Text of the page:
They didn’t feel heard. I don’t feel heard. This is a problem

December 11, 2016

One of the biggest conundrums I’ve been wrestling with from the 2016 election is what lesson to draw from the Democrat’s defeat, especially when it was fueled by bigotry. That’s not all it was fueled by, but it was a definite, even critical, component. Many of Trump’s voters didn’t feel like they were being heard by the “elites” in Washington, and that may very well be true—but how do you respect that feeling when it was so tightly intertwined with bigotry? Moreover, how do you appeal to these voters without indulging in bigotry yourself?

The more I think about it, the more I realize that Democrats shouldn’t. The problem isn’t their messaging or policies. The problem is voters not feeling heard or represented at all if their candidate doesn’t win. The problem is that they don’t feel represented in Washington—even by their own representatives.

(Side note: I wrote this post before the recent CIA leaks, and had partially drafted it even before my (now indulgent-seeming) daily blogging experiment. I mention this because, in light of the dangerous territory we’re entering, it feels similarly indulgent to step back and talk about voting reform. I feel like I need to get this out there, though, because it addresses one of the root causes of what brought us here. Also, I have solutions.)

Not feeling represented is something I can relate to. Though I live in Oregon now, until midway through 2016 I lived in Texas. I’m fairly leftward politically, and while I occasionally had a Democratic representative or mayor, I’ve spent the majority of my life represented by congresspeople, senators, and governors who I didn’t feel reflected my views in the slightest. When people say they feel like their elected officials don’t represent them, I understand. I’ve lived it.

(Side note #2: it annoys me that I moved to such a heavily Democratic state, which is actually one of the things I don’t like about Oregon. I attended one of the most conservative universities in the US, Texas A&M University, and I think that experience benefited me enormously. But Oregon is where I got a day job selling delicious craft beer, which, ya know, not gonna pass up.)

The underlying issue is that a large enough slice of America felt so under-represented in government that, when faced with the choice between a career politician who symbolizes—fairly or not—everything they believed had been failing them, and a bigoted charlatan who was willing to promise them anything in order to line his pockets and aggrandize his potentially world-shattering ego, they chose the latter.

I’ll be more direct: the problem is that there were only two choices, and even when one is catastrophically bad, we’re still left with a roll of the dice as to who we get.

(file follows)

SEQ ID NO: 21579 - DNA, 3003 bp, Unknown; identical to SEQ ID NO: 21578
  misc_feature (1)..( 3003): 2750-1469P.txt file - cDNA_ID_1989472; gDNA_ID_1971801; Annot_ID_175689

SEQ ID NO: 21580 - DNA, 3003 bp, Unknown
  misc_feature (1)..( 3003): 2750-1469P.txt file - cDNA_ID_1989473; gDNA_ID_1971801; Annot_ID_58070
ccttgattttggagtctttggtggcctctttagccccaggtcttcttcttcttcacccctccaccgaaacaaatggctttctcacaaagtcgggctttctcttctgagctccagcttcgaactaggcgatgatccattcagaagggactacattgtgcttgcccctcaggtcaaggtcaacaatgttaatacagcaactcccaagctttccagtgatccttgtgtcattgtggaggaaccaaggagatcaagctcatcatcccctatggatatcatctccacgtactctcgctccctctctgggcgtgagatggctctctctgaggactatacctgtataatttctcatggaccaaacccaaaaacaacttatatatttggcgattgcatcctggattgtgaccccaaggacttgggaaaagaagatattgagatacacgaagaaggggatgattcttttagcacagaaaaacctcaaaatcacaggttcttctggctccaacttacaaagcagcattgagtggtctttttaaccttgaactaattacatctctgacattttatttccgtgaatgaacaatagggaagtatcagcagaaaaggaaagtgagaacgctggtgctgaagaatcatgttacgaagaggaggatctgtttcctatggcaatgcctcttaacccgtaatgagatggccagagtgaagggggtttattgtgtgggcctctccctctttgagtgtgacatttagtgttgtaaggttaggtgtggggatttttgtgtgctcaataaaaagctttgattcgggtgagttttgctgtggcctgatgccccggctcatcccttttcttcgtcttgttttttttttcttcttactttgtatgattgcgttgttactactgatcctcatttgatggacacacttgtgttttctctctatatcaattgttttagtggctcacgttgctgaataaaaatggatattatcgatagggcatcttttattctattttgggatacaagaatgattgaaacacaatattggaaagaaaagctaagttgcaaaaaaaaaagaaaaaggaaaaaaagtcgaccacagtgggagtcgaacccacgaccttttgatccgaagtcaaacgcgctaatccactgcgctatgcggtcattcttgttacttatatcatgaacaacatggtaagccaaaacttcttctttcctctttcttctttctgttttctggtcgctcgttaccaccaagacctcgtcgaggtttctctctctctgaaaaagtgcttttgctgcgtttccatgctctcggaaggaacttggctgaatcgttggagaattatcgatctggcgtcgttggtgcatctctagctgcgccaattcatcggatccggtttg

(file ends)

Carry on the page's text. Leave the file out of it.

Let me paint a new picture for you. Instead of an election between Donald Trump and Hillary Clinton—with Gary Johnson, Jill Stein, and Evan McMullin hovering around the periphery, acting as potential spoilers—imagine if we could have had an election where the smaller party candidates would not risk spoiling the election for their voters’ least preferred alternative? Actually, I’ll go a step further—imagine if we could have that election, but between Donald Trump, Hillary Clinton, Marco Rubio, Bernie Sanders, Gary Johnson, Jill Stein, Ted Cruz, and any number of other candidates.

This is not a fantasy. This is something we can do.

The problem is not the parties themselves. The problem is that they’re the only two games in town, and they can’t possibly encompass the vast variety of political thought across America. The problem is that the system by which we make the most crucial political decisions in our public lives—how our country should be governed, and who we trust to administer it for us—is broken.

I’m not saying this to be dramatic. The system was not broken by malicious intent. It just wasn’t set up particularly well. Say what you will about the Founding Fathers, they were smart old chaps, but they weren’t infallible (see: slavery)—and remember, as clever as they were, we stand on the shoulders of those giants. We can do better than them, because of them.

This is not a blasphemy. It’s the truth. The system is set up, accidentally, to provide for all sorts of shenanigans that are disenfranchising over half of American voters, and forcing the rest of us into uneasy alliance with people who may not actually share most of our views, but who we vote with because it’s better than the alternative. Because the alternative scares us. That’s not a tenable state of affairs.